Manually-operated chucks and collets have also been used to hold various tools and workpieces in the machine arts. One example is the cam-operated chuck disclosed in U.S. Pat. No. 2,735,687. In that patent, a plurality of balls cooperate with a cam formed on the collet, and the collet opens or closes in response to the direction in which a hand wheel is turned.

Besides the manually-operated chucks, the prior art has also resorted to air-operated chucks for lathes and other machine tools. This general concept has also been applied to a portable pneumatic tool as disclosed in U.S. Pat. No. 3,712,386. In that patent, the pressure of the compressed air selectively operates a reciprocatory spring-loaded piston to open the gripping jaws of the tool collet, thereby providing a quick-release feature. Alternately, as disclosed in U.S. Pat. No. 3,724,563, the pivoted lever for throttle control of a portable pneumatic tool is moved in a direction opposite to its normal mode of operation to actuate a mechanical linkage to open the tool collet.

In drills used for surgical or orthopedic purposes, a cannulated spindle has a through bore for receiving a Kirchner pin, usually referred to in the art as a "K wire". The K-wire is retained in a collet or chuck mounted on the forward end of the spindle. In some commercial embodiments, a pivoted release lever facilitates insertion of the K-wire (and its subsequent advancement relative to the drill) without the use of additional keys and accessories. The lever has a bifurcated portion engaging a spring-loaded slidable collar that actuates a mechanism to open the chuck. The remaining portion of the lever is bent around the trigger, forwardly thereof and providing a guard therefor, and terminates in a depending portion. One finger on the doctor's hand engages the trigger, while the doctor's remaining fingers are wrapped around the depending portion of the lever during operation of the tool. This is somewhat awkward and inconvenient. Moreover, in order to preclude inadvertent release of the collet during a surgical procedure, the spring pressure must of necessity be relatively heavy. As a result, whenever release of the collet is desired, a strong force must be exerted on the lever by the doctor. Repeated opening and closing of the collet can thus be tiresome during an extended surgical procedure.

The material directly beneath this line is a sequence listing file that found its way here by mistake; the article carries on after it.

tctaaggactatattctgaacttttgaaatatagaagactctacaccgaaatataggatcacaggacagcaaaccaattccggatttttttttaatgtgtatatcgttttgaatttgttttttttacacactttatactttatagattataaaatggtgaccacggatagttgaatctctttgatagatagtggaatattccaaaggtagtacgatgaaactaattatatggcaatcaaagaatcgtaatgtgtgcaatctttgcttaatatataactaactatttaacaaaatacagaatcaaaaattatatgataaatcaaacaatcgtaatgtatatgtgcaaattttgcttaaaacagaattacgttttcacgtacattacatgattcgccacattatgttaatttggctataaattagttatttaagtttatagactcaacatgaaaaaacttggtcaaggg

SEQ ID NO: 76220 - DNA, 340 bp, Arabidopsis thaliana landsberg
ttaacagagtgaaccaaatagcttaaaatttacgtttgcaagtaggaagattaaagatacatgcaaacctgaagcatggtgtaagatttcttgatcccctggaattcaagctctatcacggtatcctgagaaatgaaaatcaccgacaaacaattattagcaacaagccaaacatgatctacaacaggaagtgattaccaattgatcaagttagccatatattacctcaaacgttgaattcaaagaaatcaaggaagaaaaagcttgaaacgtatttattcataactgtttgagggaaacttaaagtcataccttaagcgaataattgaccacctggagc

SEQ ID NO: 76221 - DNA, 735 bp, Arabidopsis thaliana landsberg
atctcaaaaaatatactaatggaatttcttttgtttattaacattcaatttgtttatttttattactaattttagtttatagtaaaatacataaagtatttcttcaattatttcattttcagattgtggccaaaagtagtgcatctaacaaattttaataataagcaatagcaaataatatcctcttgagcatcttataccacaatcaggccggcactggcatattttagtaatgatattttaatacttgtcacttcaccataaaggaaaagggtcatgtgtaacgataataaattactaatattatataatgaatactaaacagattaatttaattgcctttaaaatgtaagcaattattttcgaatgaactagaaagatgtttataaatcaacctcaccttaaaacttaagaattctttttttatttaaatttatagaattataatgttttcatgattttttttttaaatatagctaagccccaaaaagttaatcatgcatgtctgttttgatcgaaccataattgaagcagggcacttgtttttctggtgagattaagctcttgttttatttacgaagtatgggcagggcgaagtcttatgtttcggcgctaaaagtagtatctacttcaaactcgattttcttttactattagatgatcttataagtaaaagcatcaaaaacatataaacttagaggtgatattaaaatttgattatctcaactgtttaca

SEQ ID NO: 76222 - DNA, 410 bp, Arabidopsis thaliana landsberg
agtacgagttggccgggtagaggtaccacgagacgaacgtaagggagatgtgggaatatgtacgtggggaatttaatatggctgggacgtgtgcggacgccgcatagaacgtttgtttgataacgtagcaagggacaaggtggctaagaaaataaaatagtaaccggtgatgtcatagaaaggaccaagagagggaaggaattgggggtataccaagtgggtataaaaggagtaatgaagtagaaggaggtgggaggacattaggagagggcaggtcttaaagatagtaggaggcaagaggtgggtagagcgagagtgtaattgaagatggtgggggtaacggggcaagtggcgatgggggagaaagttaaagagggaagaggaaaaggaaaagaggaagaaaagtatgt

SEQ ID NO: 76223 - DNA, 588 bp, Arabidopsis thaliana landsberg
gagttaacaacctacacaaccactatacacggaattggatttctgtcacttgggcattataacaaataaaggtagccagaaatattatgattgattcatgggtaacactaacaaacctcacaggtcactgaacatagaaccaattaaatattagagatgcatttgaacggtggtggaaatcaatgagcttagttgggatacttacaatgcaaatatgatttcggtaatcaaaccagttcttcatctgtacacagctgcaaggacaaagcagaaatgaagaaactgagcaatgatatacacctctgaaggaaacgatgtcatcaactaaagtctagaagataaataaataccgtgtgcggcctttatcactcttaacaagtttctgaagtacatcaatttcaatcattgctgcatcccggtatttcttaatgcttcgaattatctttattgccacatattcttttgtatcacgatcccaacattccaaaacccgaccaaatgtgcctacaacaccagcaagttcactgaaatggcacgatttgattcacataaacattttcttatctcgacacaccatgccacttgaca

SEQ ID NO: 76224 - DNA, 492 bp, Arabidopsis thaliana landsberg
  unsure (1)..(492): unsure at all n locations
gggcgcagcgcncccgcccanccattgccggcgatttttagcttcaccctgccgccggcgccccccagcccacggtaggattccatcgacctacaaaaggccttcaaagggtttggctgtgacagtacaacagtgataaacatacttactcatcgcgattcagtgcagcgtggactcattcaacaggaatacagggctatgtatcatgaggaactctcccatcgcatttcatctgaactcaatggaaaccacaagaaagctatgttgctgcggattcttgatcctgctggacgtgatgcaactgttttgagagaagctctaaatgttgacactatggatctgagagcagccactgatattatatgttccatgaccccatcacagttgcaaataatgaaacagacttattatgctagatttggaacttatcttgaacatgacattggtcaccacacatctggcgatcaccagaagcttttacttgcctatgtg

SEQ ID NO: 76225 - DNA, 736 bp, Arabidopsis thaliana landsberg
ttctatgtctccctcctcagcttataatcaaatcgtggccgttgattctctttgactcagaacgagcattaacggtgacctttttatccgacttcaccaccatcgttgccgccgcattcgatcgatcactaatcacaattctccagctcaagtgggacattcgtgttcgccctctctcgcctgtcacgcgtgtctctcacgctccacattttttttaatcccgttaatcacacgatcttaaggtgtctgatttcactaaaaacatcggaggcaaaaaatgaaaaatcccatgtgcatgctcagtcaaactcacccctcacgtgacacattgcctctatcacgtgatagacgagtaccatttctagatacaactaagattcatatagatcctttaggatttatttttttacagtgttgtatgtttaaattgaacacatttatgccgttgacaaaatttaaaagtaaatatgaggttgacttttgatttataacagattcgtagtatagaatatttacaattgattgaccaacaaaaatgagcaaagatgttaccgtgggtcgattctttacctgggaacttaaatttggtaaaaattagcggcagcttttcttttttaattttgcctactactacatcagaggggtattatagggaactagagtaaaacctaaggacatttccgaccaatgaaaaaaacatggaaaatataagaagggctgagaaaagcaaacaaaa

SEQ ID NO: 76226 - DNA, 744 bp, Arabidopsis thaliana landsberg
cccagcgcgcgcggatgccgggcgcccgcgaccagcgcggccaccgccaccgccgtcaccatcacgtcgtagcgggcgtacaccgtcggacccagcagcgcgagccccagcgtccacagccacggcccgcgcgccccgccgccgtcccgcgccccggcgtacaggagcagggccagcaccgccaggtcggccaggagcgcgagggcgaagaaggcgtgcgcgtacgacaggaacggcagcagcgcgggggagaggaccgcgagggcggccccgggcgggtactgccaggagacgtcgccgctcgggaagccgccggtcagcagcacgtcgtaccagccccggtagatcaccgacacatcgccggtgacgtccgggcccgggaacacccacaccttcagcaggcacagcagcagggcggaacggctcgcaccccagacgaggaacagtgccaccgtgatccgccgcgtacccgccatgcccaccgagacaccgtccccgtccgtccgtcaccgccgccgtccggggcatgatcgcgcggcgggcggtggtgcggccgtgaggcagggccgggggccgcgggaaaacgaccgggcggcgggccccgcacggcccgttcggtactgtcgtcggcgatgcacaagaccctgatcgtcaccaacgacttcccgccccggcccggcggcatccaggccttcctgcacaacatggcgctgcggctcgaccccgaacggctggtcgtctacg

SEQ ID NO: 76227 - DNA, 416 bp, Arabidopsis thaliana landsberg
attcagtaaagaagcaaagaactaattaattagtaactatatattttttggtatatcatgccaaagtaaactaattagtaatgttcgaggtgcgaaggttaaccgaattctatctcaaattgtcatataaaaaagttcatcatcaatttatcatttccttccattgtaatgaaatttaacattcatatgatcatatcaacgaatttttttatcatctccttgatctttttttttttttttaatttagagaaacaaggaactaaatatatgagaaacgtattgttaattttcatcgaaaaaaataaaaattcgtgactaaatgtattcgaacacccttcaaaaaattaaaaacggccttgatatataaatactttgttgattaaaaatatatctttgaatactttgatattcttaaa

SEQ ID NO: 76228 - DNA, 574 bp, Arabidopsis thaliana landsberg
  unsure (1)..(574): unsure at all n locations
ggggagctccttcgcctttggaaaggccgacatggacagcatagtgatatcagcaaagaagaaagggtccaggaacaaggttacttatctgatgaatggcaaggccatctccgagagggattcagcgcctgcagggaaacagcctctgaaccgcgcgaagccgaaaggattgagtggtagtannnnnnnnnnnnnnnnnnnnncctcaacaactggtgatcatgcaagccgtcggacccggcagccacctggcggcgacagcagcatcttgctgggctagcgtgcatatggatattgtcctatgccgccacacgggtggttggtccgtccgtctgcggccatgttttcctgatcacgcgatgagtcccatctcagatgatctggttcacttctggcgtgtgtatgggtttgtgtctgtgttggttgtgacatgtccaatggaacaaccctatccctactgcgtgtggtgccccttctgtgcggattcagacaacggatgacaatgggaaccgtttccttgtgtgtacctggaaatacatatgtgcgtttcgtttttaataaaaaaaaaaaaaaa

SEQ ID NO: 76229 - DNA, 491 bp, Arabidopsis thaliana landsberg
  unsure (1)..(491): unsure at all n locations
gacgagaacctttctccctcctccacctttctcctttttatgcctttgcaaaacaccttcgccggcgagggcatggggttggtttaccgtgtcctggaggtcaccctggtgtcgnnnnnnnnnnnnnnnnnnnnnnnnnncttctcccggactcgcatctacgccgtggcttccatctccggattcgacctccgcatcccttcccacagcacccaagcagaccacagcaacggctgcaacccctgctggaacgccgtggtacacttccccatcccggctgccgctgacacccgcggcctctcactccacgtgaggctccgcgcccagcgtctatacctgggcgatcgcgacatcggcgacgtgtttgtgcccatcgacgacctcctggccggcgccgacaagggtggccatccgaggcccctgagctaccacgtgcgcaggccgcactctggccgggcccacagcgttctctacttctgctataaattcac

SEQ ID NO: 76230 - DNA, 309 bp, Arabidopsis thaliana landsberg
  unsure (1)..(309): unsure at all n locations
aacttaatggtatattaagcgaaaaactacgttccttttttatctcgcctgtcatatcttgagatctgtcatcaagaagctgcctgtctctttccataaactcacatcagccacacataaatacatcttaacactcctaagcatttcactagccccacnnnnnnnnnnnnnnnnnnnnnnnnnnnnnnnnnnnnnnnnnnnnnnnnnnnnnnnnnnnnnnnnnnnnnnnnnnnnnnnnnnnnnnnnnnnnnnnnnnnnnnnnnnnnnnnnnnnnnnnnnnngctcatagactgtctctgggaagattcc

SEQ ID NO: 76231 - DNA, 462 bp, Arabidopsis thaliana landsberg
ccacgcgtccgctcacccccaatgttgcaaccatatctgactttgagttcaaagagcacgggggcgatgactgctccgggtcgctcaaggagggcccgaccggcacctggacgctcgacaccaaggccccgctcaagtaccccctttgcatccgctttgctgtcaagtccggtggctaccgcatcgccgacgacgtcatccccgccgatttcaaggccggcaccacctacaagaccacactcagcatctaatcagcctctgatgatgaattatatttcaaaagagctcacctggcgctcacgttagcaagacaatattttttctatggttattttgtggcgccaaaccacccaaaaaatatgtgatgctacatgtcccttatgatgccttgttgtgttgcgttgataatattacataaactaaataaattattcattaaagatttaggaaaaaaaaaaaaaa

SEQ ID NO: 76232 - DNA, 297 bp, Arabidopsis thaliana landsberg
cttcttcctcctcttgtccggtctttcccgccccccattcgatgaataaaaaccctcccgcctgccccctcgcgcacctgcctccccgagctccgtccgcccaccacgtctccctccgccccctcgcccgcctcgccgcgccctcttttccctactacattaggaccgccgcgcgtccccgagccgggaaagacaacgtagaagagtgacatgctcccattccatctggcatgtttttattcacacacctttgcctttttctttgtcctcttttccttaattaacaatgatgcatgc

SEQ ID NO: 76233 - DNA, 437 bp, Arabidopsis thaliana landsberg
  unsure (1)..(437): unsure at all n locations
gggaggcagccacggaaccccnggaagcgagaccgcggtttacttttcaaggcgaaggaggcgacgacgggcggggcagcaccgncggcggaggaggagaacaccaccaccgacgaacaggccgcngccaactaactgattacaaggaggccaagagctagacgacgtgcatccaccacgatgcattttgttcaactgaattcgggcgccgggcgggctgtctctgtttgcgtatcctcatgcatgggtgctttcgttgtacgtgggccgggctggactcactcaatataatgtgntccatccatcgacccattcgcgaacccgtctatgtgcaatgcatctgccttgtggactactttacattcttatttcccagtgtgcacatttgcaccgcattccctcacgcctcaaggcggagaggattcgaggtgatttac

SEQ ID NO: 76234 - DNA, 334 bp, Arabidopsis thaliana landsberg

In another commercial embodiment, a surgical tool is equipped with a pneumatic collet controlled by a trigger projecting forwardly of the pistol-grip handle of the tool. When the trigger is depressed partially, the collet closes; to securely retain the K-wire therein; and when the trigger is depressed fully, the tool is energized to drive the wire. While facilitating insertion and removal of the K-wire from the collet, the operator must continually depress the trigger by a predetermined amount to maintain the collet closed and to preclude inadvertent release of the K-wire. This detracts from the doctor's concentration and interferes with close surgical procedures in an operating room or clinic. Moreover, if the trigger would be completely released and the tool subsequently tilted or inverted, the K-wire could fall out of the tool and would no longer be usable because of hygienic considerations.

A possible solution is the surgical drill disclosed in U.S. Pat. No. 3,718,340. In that patent, a pivoted lever is mounted on the side of the drill. Actuation of the lever initiates a mechanical linkage to ultimately open the gripping jaws of the collet to release the K-wire. However, not only does actuation of the lever require a partial release of the doctor's hand grip, but of necessity, the drill is oriented for "right handed" usage. Moreover, a heavy spring pressure is required to maintain the collet in its closed position and preclude inadvertent release of the K-wire. To overcome this heavy spring pressure, the lever actuates the collet through a mechanical linkage. This mechanical linkage includes a pivoted yoke, a spring-loaded slide, a plurality of cam levers, respective push rods, and a hollow cone to actuate the gripping jaws of the collet. This linkage is unduly complicated, hence expensive and potentially unreliable.